Why not take Philadelphia Eagles TE Zach Ertz at 34?
“Why not take him?”
“We chose to move back.”
You traded down from 34 to 40. Were you confident that Tank Carradine would be there? Or were there a few players you were comfortable taking then?
“Well, I don’t know that you ever trade back six, seven, eight picks and hope one player’s there. That’s risky business. So, we had a number of players that we were willing to take. And at that time we felt that one of that group of guys was going to be available at 40. And we would have been happy with all of them.”
The way you describe McDonald sounds a lot like former 49ers TE Delanie Walker. Is he more advanced as a blocker than Delanie was coming out of college?
“Well, I guess the answer to that would be yes. Because Delanie was a wide receiver in college, and Vance has actually played on the line of scrimmage. And he’s a much bigger man. Delanie was a shade over 6’2”, roughly 240 pounds coming out. This guy’s a little over 6’4”, 265 plus pounds coming out. So, there’s a considerable size difference and there’s a bigger body of work to study, as far as Vance blocking versus Delanie coming out. But, we’re not in a comparison as we’ve said many a times. Delanie developed into a very competent blocker. So, they’re different guys.”
I take it LB Corey Lemonier, he’s more of an outside prototype, outside linebacker?
“Yes, he’ll be in the outside linebacker position. He’s another one we feel can fit into the sub package grouping as well, more on the outside than on the inside. So, he’ll get in that rotation. And once again, it’s all about creating competition. We’ve got a good group of linebackers and Corey’s going to have to come in and earn his position.”
Going back to Carradine, in college he was pretty much an end, right, rushing the passer?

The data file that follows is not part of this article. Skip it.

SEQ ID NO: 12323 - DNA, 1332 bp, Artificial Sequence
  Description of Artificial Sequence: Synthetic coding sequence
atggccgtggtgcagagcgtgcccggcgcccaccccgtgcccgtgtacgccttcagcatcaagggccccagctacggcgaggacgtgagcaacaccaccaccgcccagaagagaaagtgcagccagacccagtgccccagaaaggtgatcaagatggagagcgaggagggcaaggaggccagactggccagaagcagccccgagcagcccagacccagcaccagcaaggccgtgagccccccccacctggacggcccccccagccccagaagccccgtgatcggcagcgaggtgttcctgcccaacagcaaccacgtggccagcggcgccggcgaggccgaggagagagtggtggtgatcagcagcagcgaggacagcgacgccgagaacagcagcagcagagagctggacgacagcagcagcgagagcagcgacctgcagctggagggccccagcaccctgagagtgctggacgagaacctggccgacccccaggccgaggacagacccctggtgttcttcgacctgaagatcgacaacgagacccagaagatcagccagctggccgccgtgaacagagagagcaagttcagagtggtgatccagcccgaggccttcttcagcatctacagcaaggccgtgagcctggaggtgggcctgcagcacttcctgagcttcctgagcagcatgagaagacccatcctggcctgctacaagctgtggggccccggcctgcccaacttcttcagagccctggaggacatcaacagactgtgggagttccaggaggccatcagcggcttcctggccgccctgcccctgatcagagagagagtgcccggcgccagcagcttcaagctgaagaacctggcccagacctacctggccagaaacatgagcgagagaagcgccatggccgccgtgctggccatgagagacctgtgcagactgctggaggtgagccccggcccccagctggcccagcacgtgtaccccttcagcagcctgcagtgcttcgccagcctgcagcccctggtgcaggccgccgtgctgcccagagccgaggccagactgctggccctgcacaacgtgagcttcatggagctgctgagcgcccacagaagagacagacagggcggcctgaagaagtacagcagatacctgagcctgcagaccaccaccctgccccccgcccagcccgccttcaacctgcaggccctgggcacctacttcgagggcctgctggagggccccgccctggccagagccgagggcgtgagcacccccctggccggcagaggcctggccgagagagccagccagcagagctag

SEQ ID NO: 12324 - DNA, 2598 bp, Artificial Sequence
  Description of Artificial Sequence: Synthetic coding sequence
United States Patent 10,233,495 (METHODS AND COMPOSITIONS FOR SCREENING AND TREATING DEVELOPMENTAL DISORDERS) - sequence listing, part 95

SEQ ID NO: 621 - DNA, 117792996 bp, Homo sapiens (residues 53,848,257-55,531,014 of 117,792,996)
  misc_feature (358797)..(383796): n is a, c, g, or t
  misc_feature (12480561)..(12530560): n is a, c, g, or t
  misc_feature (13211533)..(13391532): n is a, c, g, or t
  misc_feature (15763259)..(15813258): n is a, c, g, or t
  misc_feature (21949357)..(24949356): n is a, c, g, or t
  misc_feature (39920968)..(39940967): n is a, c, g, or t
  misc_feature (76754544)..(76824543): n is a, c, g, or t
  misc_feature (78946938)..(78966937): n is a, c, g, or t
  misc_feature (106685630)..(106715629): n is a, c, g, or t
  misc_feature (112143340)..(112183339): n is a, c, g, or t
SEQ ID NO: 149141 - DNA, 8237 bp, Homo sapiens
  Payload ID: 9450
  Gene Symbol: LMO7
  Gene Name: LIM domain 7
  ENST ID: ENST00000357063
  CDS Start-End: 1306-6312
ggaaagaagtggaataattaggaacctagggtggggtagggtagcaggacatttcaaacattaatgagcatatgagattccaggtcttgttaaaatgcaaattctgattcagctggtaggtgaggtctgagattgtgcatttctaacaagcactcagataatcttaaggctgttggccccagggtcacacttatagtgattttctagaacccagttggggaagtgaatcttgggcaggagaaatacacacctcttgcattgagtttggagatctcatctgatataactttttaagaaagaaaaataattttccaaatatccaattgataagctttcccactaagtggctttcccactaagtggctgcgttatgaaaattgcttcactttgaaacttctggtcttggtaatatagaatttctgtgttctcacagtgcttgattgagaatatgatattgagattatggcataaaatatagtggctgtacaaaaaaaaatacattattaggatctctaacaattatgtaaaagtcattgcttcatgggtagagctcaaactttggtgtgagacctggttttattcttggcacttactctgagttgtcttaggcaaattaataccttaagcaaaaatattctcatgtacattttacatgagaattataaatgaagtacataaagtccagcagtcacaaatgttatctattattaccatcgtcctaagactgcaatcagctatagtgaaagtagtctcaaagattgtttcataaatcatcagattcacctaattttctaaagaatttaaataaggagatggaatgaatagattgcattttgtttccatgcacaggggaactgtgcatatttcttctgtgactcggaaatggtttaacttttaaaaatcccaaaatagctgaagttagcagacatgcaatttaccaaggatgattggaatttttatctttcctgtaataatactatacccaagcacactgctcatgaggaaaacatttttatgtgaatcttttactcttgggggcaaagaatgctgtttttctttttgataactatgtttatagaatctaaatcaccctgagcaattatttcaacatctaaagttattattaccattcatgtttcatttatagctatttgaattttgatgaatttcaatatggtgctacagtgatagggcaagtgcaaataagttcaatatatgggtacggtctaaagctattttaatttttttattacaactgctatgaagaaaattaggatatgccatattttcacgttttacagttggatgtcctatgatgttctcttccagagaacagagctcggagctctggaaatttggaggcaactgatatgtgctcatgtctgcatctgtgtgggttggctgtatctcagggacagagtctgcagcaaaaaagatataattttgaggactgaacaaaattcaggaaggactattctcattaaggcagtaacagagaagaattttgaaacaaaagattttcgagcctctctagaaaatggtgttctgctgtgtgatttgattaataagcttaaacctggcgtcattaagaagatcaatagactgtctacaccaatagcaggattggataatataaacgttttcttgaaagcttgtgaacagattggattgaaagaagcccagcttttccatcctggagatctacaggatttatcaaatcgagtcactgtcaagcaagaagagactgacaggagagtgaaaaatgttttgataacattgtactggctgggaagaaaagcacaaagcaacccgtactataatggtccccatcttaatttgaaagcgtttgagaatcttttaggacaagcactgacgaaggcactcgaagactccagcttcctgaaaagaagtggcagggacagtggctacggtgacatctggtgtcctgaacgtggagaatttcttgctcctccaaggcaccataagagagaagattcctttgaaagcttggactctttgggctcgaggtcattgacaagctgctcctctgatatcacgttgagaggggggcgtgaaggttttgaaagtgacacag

“He lined up a little bit inside. There are a number of snaps of him, I don’t know the exact count without going back to my files. But, he lined up inside in their sub package stuff. But, the interesting thing was he’s a junior college guy that is a one-year starter there that was able to play all over the place. He played on the right side. He played on the left side. He moved inside a little bit. So, the versatility and the size, all that stuff played into it.”
So conceivably in nickel situations, he could be at any of those four spots?
“That’s what I said earlier. That’s what we liked about him is the versatility. He can line up inside and he can line up outside. Whether right side, left side, he’s shown he can do that. So, that’s one of the things that we looked hard at.”
With only one year of college for him, how much development more do you think he needs?
“Once again, when you’re looking at these college guys, they all need development. How soon are they ready to play? I’ve always said this, that’s up to the individual. Some come in and adjust rather quickly. Others take a little bit more time. But, we’re confident that the number one thing with Tank is getting him healthy, getting him ready to play. And that’s left up to our medical staff. What that timeline is, I couldn’t even forecast it at this time.”
What kind of report did you get from defensive line coach Jim Tomsula about Tank?
“As far as what?”
Well, I mean it seems like you relied on your assistant coaches, more so this season than previous ones. Is that correct?
“No, I wouldn’t say that’s correct. I think the position coaches have always been involved. And we’ve said from day one that we were going to do this thing together. So, what we do is everybody does their job. We study as much tape as we possibly can. We don’t study it together. We let the position coaches and the coordinators look at the film, evaluate the players, grade the players. We do it on our end separately. And then we come together and we talk about it. And it’s a process. But, Jim obviously plays a huge role in that, coach Tomsula, in terms of the defensive linemen. One of the critical factors is making sure that these young men fit the system. That they can do what we’re going to be asking them to do. You can’t stick a round peg in a square hole. They’ve got to fit. And Tank is a guy, and Corey is a guy that fits.”